Power Plays

Utility mergers are heating up, as companies cope with deregulation's challenges and opportunities.
Andrew OsterlandOctober 12, 2000

Two new powerhouses have emerged in the electric utility industry. On August 7, Akron, Ohio-based FirstEnergy Corp. and Morristown, New Jersey­based GPU Inc. announced they would combine to form a single electric utility, the nation’s sixth largest in terms of customer base. That came on the heels of a $16.4 billion merger between Juno Beach, Florida-based Florida Power & Light (FPL) and New Orleans­ based Entergy Corp., whose combined 6.3 million customers and more than 48,000 megawatts of generating capacity would make it number one. “This is the first real superpower in the industry,” proclaims Entergy CEO Wayne Leonard, who will head the combined entity.

It surely won’t be the last. With more than 100 investor- owned utilities and many more private and cooperative organizations still serving up electricity around the United States, consolidation should continue for at least the next decade. “There were a lot more companies in our 13-state region a few years ago,” says FirstEnergy CFO Richard Marsh, “and there will be fewer down the road.” According to analysts, future candidates for acquisition in eastern regional power pools include Duquesne Light Co., in Pennsylvania, Potomac Electric Power Co., in Washington, D.C., and New York State Electric & Gas Corp.

One reason for the recent surge in deal activity is a sudden recovery in utility stock prices. Last year, utility stocks were Old Economy and out of favor with investors. This year, they have become a high- yielding haven from the stormy technology sector. The Standard & Poor’s utilities index is up an electrifying 48 percent this year– compared with 2 percent for the S&P 500 and ­2 percent for the Nasdaq composite, as of press time. And the pleasant Wall Street trend has had utility executives thinking merger again.

Going Separate Ways

The more fundamental reason for the mergers is, of course, competition. With the industry deregulating at different paces in the various states, many vertically integrated utilities have broken apart and reassembled themselves to focus their business strategies. Some–such as GPU, which has sold off all its power- generation assets–are concentrating on the regulated retail distribution side of the business. They hope to leverage their growing networks by selling new unregulated services such as facilities management and telecommunications. Others emphasize such deregulated lines as power generation and wholesale energy trading. The combined FPL and Entergy entity plans to fire up as many as 65 new General Electric Co. generating turbines during the next several years, growing to as much as 30,000 megawatts of electric capacity in the United States and Western Europe.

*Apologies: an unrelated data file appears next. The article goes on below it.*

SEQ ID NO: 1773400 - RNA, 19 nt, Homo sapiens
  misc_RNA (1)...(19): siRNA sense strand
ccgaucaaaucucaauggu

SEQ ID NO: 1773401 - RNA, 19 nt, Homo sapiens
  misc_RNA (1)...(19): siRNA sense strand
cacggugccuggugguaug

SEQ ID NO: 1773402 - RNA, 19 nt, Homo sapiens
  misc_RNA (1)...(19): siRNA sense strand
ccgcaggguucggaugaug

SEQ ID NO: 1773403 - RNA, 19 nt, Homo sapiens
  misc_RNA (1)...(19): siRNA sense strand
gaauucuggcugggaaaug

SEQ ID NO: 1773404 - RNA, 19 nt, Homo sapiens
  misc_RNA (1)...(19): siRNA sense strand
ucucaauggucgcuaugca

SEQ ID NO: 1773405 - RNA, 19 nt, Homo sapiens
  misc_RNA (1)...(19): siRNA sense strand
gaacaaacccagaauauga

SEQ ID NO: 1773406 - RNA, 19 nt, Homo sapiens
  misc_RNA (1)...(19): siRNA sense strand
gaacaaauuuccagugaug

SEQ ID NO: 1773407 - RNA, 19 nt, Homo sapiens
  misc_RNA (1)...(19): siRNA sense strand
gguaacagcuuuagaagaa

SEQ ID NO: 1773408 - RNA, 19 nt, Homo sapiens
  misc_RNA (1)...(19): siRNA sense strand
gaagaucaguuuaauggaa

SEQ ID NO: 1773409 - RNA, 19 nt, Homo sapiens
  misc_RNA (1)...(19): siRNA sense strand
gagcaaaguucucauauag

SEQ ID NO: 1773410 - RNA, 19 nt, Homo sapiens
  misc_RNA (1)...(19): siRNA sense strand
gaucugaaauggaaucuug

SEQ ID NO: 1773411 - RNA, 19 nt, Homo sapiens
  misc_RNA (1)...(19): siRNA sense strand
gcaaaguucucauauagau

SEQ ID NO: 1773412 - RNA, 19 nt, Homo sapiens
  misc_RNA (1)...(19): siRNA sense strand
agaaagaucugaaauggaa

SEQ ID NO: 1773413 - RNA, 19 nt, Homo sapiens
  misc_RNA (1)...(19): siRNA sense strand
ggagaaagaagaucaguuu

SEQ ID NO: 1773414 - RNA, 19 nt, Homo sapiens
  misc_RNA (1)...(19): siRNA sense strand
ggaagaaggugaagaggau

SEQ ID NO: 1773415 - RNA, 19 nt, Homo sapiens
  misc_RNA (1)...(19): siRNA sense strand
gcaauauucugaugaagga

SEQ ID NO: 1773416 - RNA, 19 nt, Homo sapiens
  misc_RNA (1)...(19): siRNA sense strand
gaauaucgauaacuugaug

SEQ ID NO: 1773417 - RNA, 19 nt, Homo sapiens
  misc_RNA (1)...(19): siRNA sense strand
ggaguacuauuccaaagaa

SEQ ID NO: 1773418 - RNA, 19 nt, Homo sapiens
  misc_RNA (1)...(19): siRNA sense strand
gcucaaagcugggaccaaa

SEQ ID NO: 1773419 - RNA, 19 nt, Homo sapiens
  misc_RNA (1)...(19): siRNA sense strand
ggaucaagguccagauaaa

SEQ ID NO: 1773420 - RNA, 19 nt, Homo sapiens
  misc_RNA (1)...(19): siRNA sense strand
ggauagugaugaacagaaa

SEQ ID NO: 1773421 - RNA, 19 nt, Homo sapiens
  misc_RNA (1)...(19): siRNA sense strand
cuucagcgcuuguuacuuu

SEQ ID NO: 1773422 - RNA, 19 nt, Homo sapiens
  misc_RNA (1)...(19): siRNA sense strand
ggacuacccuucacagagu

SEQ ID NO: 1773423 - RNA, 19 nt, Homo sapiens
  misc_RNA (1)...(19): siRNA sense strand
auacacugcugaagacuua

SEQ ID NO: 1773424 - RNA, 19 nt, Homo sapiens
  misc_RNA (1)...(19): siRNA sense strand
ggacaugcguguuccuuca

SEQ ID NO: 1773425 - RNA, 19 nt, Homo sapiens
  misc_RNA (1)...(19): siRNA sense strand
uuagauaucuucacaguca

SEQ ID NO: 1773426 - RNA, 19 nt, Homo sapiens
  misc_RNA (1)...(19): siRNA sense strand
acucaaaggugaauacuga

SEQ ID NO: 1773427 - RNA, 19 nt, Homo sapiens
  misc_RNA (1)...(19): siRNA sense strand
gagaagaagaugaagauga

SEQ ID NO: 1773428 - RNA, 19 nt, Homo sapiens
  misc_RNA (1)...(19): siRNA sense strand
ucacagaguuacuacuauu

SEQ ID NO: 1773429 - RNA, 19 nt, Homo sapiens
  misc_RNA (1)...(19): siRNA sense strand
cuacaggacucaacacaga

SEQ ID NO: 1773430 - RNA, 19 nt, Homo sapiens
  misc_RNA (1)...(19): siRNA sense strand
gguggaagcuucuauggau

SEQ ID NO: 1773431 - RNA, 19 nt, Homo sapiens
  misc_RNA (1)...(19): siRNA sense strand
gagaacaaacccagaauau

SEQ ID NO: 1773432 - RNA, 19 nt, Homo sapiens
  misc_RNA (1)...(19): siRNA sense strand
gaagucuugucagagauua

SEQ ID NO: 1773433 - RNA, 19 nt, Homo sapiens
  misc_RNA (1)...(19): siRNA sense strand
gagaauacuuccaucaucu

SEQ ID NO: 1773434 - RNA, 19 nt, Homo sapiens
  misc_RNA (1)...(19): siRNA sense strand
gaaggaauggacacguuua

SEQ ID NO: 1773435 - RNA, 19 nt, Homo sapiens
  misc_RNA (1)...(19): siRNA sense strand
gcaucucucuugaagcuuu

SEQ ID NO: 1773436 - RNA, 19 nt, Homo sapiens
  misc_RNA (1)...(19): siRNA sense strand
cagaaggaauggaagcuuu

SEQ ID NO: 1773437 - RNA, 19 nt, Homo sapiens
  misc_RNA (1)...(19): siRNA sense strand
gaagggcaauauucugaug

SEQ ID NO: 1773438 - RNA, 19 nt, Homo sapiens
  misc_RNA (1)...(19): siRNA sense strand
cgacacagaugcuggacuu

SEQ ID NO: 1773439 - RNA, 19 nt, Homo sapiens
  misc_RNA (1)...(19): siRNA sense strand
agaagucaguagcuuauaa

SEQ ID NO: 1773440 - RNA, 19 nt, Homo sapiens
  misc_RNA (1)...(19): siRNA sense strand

“Companies are deciding whether they want to be a wires company or a trading outfit,” says senior analyst Richard Baxter of Boston-based Yankee Group. And investors are trying to figure out how to value the resulting corporate structures. While the unregulated businesses are riskier than simple electricity distribution, they also offer greater opportunities for growth. The stars of this most volatile commodity market–companies such as Enron Corp., Dynegy Inc., and Southern Co.–trade at price-earnings multiples far higher than those of retail-oriented utilities.

In the two recent mergers, shares of both FPL and FirstEnergy fell on the news, although FPL shares have since recovered. The deals were made at small premiums. And in FPL’s case, the investment community was hoping it would be an acquiree, not an acquirer. But beyond that, assessing the outcome of these deals is difficult.

“Utility mergers aren’t usually positive in the short term,” says analyst Paul Patterson of New York­based Credit Suisse First Boston Corp. “The benefits are not completely clear.” Nor is it certain just who will enjoy those benefits: shareholders or ratepayers. Utility mergers can take years to complete as companies negotiate with states’ public service commission regulators about how much of the expected benefits from a merger will go to customers. In several instances, companies have walked away from deals because regulators either demanded too much or dragged out reviews too long. With footprints in five southern states, the FPL/Entergy merger could take up to 18 months to close.